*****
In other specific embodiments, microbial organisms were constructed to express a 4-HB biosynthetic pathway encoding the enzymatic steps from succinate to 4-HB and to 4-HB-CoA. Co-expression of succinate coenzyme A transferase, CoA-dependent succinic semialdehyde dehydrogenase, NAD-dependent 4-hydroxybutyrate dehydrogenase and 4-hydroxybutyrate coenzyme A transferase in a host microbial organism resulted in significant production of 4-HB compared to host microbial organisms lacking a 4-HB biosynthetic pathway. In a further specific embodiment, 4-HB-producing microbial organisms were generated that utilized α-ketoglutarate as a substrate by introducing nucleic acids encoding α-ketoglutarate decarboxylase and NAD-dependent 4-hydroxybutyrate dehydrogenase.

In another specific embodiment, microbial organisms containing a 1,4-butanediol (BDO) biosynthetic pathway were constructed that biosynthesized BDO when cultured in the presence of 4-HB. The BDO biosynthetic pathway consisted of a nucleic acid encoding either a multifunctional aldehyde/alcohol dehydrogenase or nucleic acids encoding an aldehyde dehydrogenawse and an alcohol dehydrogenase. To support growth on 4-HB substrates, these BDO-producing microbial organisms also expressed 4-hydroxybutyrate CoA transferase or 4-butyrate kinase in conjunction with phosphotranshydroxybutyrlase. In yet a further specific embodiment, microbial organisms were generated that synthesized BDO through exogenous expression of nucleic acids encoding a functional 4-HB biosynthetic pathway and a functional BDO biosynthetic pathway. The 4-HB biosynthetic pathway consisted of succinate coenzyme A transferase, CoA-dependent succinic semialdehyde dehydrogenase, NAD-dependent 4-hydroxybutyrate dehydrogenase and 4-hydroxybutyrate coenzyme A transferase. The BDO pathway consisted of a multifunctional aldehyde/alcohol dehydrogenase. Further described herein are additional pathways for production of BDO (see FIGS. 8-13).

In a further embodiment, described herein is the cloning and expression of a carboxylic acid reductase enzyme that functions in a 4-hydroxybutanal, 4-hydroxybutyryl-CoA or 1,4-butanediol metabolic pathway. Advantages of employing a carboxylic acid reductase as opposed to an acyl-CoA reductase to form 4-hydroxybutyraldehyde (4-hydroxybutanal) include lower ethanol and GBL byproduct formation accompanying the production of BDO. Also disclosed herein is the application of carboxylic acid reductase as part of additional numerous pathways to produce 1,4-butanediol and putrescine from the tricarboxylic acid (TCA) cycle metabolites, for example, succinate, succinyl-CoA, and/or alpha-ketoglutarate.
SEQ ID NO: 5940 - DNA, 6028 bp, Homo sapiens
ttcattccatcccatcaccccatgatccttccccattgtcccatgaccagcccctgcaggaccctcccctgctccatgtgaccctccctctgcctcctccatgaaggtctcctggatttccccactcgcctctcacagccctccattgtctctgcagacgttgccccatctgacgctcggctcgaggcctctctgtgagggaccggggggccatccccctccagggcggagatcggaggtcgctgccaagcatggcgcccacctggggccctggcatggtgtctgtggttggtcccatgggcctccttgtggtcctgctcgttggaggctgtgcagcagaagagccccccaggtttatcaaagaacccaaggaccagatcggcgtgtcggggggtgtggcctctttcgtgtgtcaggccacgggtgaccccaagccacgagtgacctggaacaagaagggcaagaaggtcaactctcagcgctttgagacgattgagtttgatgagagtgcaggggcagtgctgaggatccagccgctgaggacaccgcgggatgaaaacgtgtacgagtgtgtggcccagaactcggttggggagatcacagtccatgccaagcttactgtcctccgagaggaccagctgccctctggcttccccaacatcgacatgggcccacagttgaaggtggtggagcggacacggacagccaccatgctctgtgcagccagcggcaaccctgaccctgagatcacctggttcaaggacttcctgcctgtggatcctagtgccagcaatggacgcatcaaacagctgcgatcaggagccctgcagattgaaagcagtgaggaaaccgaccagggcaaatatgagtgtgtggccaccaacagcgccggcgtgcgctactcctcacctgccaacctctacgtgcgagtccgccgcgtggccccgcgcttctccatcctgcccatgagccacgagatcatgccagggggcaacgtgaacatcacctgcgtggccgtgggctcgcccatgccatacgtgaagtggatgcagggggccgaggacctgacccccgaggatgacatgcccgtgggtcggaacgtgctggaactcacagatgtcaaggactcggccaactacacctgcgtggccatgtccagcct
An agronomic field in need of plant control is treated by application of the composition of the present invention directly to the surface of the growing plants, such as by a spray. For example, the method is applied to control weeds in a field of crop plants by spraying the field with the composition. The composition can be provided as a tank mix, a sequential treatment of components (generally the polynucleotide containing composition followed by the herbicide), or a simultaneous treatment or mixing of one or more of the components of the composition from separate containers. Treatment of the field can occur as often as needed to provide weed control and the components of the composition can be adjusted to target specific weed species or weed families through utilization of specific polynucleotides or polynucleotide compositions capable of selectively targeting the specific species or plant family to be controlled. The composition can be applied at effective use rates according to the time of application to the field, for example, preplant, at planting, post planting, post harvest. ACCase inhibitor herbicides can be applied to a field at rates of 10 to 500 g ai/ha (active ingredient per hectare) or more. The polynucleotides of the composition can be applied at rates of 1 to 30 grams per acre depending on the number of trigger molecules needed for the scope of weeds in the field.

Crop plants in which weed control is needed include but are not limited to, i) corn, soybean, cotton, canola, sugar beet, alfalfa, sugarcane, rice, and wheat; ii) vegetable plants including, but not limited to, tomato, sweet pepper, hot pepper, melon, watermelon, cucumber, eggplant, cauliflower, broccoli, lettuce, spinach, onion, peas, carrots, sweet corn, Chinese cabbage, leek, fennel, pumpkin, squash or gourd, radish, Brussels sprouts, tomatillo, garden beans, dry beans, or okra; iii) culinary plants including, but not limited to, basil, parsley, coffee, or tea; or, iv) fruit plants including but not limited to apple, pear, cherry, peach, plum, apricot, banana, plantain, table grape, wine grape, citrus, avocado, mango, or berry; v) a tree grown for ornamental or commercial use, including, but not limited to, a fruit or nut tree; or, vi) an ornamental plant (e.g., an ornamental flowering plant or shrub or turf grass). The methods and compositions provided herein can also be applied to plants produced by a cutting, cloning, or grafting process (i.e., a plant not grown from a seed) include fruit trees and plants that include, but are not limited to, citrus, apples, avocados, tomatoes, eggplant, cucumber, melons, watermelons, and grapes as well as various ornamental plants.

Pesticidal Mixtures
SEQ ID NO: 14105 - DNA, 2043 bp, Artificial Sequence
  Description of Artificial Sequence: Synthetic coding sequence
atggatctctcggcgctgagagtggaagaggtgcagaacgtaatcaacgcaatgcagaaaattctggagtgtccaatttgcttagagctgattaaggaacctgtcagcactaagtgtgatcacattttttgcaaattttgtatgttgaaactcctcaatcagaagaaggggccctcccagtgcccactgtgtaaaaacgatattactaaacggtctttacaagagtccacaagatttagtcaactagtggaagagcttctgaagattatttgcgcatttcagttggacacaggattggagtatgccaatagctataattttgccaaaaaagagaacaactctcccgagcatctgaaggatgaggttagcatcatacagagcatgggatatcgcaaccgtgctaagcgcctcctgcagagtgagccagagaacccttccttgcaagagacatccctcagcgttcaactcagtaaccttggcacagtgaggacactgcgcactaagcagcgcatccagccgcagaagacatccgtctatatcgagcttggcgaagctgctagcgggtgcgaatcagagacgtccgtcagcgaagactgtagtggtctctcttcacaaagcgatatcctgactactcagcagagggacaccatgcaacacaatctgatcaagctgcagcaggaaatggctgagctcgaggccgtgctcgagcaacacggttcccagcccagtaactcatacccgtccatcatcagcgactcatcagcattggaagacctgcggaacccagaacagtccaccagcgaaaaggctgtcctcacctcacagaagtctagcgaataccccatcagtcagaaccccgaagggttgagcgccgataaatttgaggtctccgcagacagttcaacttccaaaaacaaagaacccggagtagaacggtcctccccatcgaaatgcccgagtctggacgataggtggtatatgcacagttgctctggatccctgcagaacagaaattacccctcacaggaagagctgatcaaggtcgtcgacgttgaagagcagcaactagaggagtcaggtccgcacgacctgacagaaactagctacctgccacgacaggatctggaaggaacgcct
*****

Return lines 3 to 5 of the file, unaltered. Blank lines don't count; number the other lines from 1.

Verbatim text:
In a further embodiment, described herein is the cloning and expression of a carboxylic acid reductase enzyme that functions in a 4-hydroxybutanal, 4-hydroxybutyryl-CoA or 1,4-butanediol metabolic pathway. Advantages of employing a carboxylic acid reductase as opposed to an acyl-CoA reductase to form 4-hydroxybutyraldehyde (4-hydroxybutanal) include lower ethanol and GBL byproduct formation accompanying the production of BDO. Also disclosed herein is the application of carboxylic acid reductase as part of additional numerous pathways to produce 1,4-butanediol and putrescine from the tricarboxylic acid (TCA) cycle metabolites, for example, succinate, succinyl-CoA, and/or alpha-ketoglutarate.
SEQ ID NO: 5940 - DNA, 6028 bp, Homo sapiens
ttcattccatcccatcaccccatgatccttccccattgtcccatgaccagcccctgcaggaccctcccctgctccatgtgaccctccctctgcctcctccatgaaggtctcctggatttccccactcgcctctcacagccctccattgtctctgcagacgttgccccatctgacgctcggctcgaggcctctctgtgagggaccggggggccatccccctccagggcggagatcggaggtcgctgccaagcatggcgcccacctggggccctggcatggtgtctgtggttggtcccatgggcctccttgtggtcctgctcgttggaggctgtgcagcagaagagccccccaggtttatcaaagaacccaaggaccagatcggcgtgtcggggggtgtggcctctttcgtgtgtcaggccacgggtgaccccaagccacgagtgacctggaacaagaagggcaagaaggtcaactctcagcgctttgagacgattgagtttgatgagagtgcaggggcagtgctgaggatccagccgctgaggacaccgcgggatgaaaacgtgtacgagtgtgtggcccagaactcggttggggagatcacagtccatgccaagcttactgtcctccgagaggaccagctgccctctggcttccccaacatcgacatgggcccacagttgaaggtggtggagcggacacggacagccaccatgctctgtgcagccagcggcaaccctgaccctgagatcacctggttcaaggacttcctgcctgtggatcctagtgccagcaatggacgcatcaaacagctgcgatcaggagccctgcagattgaaagcagtgaggaaaccgaccagggcaaatatgagtgtgtggccaccaacagcgccggcgtgcgctactcctcacctgccaacctctacgtgcgagtccgccgcgtggccccgcgcttctccatcctgcccatgagccacgagatcatgccagggggcaacgtgaacatcacctgcgtggccgtgggctcgcccatgccatacgtgaagtggatgcagggggccgaggacctgacccccgaggatgacatgcccgtgggtcggaacgtgctggaactcacagatgtcaaggactcggccaactacacctgcgtggccatgtccagcct